Acute Respiratory Distress Syndrome Treatment
The goal of treatment for ARDS is to improve oxygen levels and treat the underlying cause. Oxygen therapy is the main treatment for ARDS. Other treatments aim to prevent complications and make you comfortable.
Oxygen therapy is a treatment that delivers oxygen for you to breathe. You can receive oxygen therapy from tubes resting in your nose, a face mask, or a tube placed in your trachea (windpipe). You may need oxygen therapy if you have a condition that causes your blood oxygen levels to be too low.
Oxygen therapy can be given for a short or long period of time in the hospital, in another medical setting, or at home. Oxygen poses a fire risk, so you should never smoke or use flammable materials when using oxygen. You may experience side effects from this treatment, such as a dry or bloody nose, tiredness, and morning headaches. Oxygen therapy is generally safe.
Other breathing support
Depending on how serious your symptoms are, your doctor may suggest a device or machine to support your breathing:
- Noninvasive ventilation, such as use of bilevel positive airway pressure (BiPAP) or continuous positive airway pressure (CPAP) machines, which are electronic breathing devices that help keep your airways open by blowing air through a face mask.
- A ventilator may help restore your blood oxygen levels. Some people transition from a ventilator to portable oxygen therapy. Risks from being on a ventilator include pneumonia and pneumothorax (collapsed lung).
- Acid-reducing medicines prevent stress ulcers, which can cause bleeding in the intestines.
- Antibiotics treat or prevent infections. If you are on a ventilator, your healthcare team may do tests, such as lung fluid lab tests or CT scans, to look for signs of new infection.
- Blood thinners stop blood clots from forming or growing larger. Heparin is a common blood thinner for adults.
- Muscle relaxants help prevent coughing or gagging while on a ventilator or reduce the amount of oxygen your body needs.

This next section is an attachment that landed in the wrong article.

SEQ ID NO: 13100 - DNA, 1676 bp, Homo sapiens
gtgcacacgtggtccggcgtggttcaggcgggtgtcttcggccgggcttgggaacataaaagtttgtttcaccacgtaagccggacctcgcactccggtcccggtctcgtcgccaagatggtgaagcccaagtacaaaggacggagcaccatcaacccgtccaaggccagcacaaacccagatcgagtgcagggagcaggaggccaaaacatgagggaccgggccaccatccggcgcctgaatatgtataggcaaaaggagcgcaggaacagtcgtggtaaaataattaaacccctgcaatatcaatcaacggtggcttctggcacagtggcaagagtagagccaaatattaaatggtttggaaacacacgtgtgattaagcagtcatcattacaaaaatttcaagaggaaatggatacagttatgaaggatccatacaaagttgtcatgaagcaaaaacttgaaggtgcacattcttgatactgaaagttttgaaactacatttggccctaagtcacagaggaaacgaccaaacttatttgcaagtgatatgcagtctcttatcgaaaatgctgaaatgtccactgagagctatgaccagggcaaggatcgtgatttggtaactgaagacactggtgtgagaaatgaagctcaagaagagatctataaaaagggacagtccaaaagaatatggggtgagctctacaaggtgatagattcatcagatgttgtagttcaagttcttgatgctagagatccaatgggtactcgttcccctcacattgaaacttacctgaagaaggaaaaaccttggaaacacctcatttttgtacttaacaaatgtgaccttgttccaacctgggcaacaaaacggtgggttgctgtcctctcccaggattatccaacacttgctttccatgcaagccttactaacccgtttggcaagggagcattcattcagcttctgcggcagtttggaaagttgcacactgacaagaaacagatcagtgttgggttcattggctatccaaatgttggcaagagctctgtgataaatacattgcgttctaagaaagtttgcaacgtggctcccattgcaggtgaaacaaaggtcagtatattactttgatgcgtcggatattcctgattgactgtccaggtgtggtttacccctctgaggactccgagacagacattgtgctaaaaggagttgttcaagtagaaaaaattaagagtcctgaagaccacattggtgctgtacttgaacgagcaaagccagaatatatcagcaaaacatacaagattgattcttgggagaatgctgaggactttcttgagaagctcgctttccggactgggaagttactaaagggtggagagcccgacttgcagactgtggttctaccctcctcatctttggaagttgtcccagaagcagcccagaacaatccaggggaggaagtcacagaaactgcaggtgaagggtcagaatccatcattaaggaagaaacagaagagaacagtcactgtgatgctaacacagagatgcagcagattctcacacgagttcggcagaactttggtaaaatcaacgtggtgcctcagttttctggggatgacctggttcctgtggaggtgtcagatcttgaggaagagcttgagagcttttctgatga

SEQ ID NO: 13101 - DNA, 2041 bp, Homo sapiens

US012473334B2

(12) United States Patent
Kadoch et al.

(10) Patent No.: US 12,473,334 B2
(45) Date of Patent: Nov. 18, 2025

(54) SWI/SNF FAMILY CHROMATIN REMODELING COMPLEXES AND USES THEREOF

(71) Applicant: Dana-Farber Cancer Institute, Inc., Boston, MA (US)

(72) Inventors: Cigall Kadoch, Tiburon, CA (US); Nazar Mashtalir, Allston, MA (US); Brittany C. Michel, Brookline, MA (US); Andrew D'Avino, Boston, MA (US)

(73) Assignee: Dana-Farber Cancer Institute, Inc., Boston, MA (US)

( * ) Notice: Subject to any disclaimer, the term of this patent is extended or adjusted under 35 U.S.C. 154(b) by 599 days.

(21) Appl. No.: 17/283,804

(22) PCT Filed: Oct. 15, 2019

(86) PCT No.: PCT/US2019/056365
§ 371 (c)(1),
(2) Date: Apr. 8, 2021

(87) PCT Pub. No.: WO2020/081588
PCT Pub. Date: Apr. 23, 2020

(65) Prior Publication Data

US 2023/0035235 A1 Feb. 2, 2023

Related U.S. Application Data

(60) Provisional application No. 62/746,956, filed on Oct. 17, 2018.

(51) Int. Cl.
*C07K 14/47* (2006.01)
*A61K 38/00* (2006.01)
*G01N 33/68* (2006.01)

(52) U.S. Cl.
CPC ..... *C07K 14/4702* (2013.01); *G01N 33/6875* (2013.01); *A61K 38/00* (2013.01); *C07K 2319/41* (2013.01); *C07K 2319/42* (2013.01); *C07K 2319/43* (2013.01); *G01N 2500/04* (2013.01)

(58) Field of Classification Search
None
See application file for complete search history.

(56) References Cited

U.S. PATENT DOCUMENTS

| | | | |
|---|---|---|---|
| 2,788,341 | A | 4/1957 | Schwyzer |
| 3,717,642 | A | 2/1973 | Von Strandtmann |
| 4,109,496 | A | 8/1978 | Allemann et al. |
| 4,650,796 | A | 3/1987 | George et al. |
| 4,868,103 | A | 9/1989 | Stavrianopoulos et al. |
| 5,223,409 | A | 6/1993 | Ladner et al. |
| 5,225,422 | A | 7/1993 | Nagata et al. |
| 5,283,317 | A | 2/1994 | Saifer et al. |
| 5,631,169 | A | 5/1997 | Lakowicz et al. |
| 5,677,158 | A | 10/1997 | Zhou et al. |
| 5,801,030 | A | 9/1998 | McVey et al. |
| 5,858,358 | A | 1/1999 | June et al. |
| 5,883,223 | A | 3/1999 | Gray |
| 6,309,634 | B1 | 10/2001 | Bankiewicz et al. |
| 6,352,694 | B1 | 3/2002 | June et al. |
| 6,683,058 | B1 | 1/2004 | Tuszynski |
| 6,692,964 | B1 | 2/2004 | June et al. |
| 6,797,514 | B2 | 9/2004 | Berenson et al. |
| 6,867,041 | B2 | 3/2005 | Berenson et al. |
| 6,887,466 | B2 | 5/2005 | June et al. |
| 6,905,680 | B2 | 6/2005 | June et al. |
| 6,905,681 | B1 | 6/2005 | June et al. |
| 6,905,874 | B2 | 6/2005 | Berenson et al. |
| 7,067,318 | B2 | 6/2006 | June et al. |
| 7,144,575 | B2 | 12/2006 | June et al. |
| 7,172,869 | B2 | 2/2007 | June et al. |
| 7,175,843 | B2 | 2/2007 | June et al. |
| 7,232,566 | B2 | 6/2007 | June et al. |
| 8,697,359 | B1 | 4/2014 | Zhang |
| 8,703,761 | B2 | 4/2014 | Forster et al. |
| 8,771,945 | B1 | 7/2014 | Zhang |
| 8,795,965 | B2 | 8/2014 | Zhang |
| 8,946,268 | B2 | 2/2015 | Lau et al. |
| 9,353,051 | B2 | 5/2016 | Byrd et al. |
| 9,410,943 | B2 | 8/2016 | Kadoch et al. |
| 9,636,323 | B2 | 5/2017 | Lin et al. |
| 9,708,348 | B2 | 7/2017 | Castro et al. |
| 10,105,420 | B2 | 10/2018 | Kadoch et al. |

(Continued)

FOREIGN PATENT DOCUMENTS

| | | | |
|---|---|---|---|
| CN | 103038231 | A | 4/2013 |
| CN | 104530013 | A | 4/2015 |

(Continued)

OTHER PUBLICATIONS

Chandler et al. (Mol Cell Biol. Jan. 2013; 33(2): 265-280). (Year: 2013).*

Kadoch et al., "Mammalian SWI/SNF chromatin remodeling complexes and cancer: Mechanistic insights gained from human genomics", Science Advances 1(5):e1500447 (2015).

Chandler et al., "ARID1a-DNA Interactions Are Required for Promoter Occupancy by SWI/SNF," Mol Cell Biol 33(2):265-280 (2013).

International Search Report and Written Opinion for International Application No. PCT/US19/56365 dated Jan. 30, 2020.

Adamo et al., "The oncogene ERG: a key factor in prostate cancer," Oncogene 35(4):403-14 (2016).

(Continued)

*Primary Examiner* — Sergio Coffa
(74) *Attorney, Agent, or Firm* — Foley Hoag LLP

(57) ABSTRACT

- Sedatives help relieve anxiety, make it easier to breathe on a ventilator, or lower your body’s oxygen needs. Sometimes your doctor may pair a sedative with another medicine to make delivering the oxygen easier. Complications vary depending on the sedative used, the dose, and how long it is used. They can include depression, post-traumatic stress disorder (PTSD), problems with thinking or memory, or a delay in removing the ventilator.
Your doctor may recommend other treatments, including the following:
- A feeding tube can ensure you get enough of the right nutrients while you are on a ventilator.
- Blood transfusions treat low levels. Hemoglobin carries oxygen in the blood, so a transfusion can improve the delivery of oxygen to the body’s organs.
- Extracorporeal membrane oxygenation (ECMO) or a similar device helps when ventilation alone cannot deliver enough oxygen or while a patient waits for a lung transplant. ECMO works like an artificial lung, removing carbon dioxide and pumping oxygen-rich blood back into the body.
- Fluid management through an intravenous (IV) line helps restore fluid levels if needed. Low fluid levels in your blood vessels can prevent oxygen from getting to your organs. If you have too much fluid in the lungs, your doctor may give you medicines that help your body get rid of the extra fluid.
- Lying facedown helps get more oxygen to your lungs.
- Physical therapy maintains muscle strength and prevent sores from forming. Movement may help shorten the time you are on a ventilator and improve recovery after you leave the hospital.